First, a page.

The design employs a centrally located fuel injector, a strategically located spark plug gap and piston bowl. A gasoline direct injector having multiple injection capability during a single engine cycle is used in conjunction with the hybrid valve strategies. The first injection event delivers 10–30% of total injected fuel into the combustion chamber during the early part of the induction stroke while the second injection event delivers the remaining fuel during the later part of the compression stroke. The injection timing of each injection event and the proportion of fuel split are electronically controlled. The spray is targeted toward a spark plug that is electronically controlled for the best ignition timing. The present invention has been shown to effectively control the combustion phasing at light load and idle and to enable cold start of a controlled auto-ignition gasoline direct-injection engine using a conventional compression ratio.

Since exhaust re-compression valve strategy is the preferred valve strategy chosen for engine operation at light load and idle, the present invention focused its application using exhaust re-compression valve strategy so the transition from cold start to low or idle load is straight forward with a simple cam phaser and a change in the injection strategy.

In an exemplary embodiment, a combustion chamber includes a closed end cylinder having an inlet port and an exhaust port formed therein. Valve members are disposed in the ports for controlling the flow of air and products of combustion to and from the combustion chamber. A gasoline fuel injector having a spray tip and a spark ignition source having a spark gap communicate with the combustion chamber. The cylinder has an axis and is positioned to receive air and fuel injected directly from the fuel injector.

A piston is mounted for reciprocation in the cylinder. The piston includes a generally flat rim having an inner edge surrounding a recessed bowl into which the fuel is primarily injected. The bowl has a floor and a surrounding side formed by a curved surface connecting tangentially with the floor and extending to the rim inner edge. The spark plug has a centerline through the spark gap and is offset to one side of the cylinder axis with the spark gap extending into the combustion chamber toward the axis. The injector is offset to an opposite side of the axis with the spray tip aimed to direct a generally conical fuel spray into the piston bowl with a portion of the fuel spray passing near the spark gap. The spark plug centerline is spaced inward from the bowl side curved surface by a minimum distance in a range of 6 to 10 mm.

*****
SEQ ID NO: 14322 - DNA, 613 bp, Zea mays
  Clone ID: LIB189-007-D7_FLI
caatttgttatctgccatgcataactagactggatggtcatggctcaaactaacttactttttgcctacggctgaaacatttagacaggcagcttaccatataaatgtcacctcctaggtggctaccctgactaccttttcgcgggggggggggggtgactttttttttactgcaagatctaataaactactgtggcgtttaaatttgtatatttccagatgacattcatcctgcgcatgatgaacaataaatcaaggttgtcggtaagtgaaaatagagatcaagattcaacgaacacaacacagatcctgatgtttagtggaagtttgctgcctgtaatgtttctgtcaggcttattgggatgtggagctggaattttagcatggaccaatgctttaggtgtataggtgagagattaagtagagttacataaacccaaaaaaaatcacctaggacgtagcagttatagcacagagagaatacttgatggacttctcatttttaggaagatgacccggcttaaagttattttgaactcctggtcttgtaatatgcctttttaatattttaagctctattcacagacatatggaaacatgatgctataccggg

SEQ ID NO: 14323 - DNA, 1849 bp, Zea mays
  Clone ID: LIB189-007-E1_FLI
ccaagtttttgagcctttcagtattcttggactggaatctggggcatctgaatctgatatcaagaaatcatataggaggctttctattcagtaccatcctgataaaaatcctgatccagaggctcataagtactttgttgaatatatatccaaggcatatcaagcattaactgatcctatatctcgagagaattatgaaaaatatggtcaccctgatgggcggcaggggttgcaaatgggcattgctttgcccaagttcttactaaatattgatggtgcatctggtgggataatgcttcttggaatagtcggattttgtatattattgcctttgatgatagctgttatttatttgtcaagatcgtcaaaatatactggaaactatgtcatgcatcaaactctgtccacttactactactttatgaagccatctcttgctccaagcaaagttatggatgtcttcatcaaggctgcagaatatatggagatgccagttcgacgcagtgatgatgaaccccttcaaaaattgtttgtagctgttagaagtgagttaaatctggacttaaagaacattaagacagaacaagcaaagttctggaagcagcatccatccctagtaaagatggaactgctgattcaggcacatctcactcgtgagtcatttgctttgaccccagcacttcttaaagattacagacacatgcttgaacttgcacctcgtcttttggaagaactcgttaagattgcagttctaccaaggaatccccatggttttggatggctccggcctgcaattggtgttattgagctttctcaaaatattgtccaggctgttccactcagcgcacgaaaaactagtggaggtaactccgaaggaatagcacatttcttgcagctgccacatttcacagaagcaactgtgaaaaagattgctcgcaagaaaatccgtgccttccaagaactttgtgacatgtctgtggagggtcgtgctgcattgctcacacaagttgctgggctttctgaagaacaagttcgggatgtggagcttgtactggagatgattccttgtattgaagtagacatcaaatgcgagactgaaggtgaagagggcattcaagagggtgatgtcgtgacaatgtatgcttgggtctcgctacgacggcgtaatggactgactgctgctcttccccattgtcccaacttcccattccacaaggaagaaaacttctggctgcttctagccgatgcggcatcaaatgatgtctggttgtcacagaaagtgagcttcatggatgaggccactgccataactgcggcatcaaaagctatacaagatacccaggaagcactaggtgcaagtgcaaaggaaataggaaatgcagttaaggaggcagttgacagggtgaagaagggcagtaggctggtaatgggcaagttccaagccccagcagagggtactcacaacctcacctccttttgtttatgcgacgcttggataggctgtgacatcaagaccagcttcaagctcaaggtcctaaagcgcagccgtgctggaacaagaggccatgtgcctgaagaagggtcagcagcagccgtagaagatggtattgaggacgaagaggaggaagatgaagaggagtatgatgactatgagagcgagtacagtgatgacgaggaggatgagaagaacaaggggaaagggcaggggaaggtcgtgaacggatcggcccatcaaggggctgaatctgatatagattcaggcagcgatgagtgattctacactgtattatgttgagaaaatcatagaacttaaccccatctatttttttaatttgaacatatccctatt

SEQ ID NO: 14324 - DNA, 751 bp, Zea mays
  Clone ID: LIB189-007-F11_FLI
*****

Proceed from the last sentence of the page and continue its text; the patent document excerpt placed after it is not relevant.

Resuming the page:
These and other features and advantages of the invention will be more fully understood from the following description of certain specific embodiments of the invention taken together with the accompanying drawings.

BRIEF DESCRIPTION OF THE DRAWINGS

FIG. 1 is a schematic view of an exemplary embodiment of single cylinder direct-injection gasoline four-stroke internal combustion engine having a combustion system according to the present invention;

FIG. 2 is an enlarged view similar to FIG. 1 and showing combustion chamber relationships;

FIG. 2A is similar to FIG. 2 except for an altered dimensional selection;

FIGS. 3 and 4 are schematic illustrations of piston bowl/injector matching for spray cone angles of 90 and 60 degrees, respectively.

FIG. 5 is a diagram of the intake and exhaust valve lift profiles as a function of crank angle used in obtaining reported test results;

FIG. 6 is a cross plot of crank angle relationships at which the fuel charge is 10% burned (ignition timing) and 50% burned (combustion phasing) for controlled auto-ignition combustion without spark ignition using a 90 degree spray angle multi-hole injector;

FIG. 7 is a cross plot similar to FIG. 6 but for controlled auto-ignition combustion with spark ignition;

FIG. 8 shows 3-D (perspective view) of and 2-D (top view) contour plots of the location of peak pressure (LPP) versus spark and injection timings with an 80 degree swirl injector;

FIG. 9 shows 2-D (top view) contour plots of the location of peak pressure (LPP) versus spark and injection timings with 60 and 90 degree multi-hole injectors; and

FIG. 10 shows the measured net mean effective pressure (NMEP) versus the cycle number during cold start with spark ignition.

DESCRIPTION OF THE PREFERRED EMBODIMENT

Referring now to the drawings in detail, numeral 10 generally indicates a first embodiment of a single cylinder direct-injection gasoline four-stroke internal combustion engine according to the invention, although it should be appreciated that the present invention is equally applicable to a multi-cylinder direct-injection gasoline four-stroke internal combustion engine.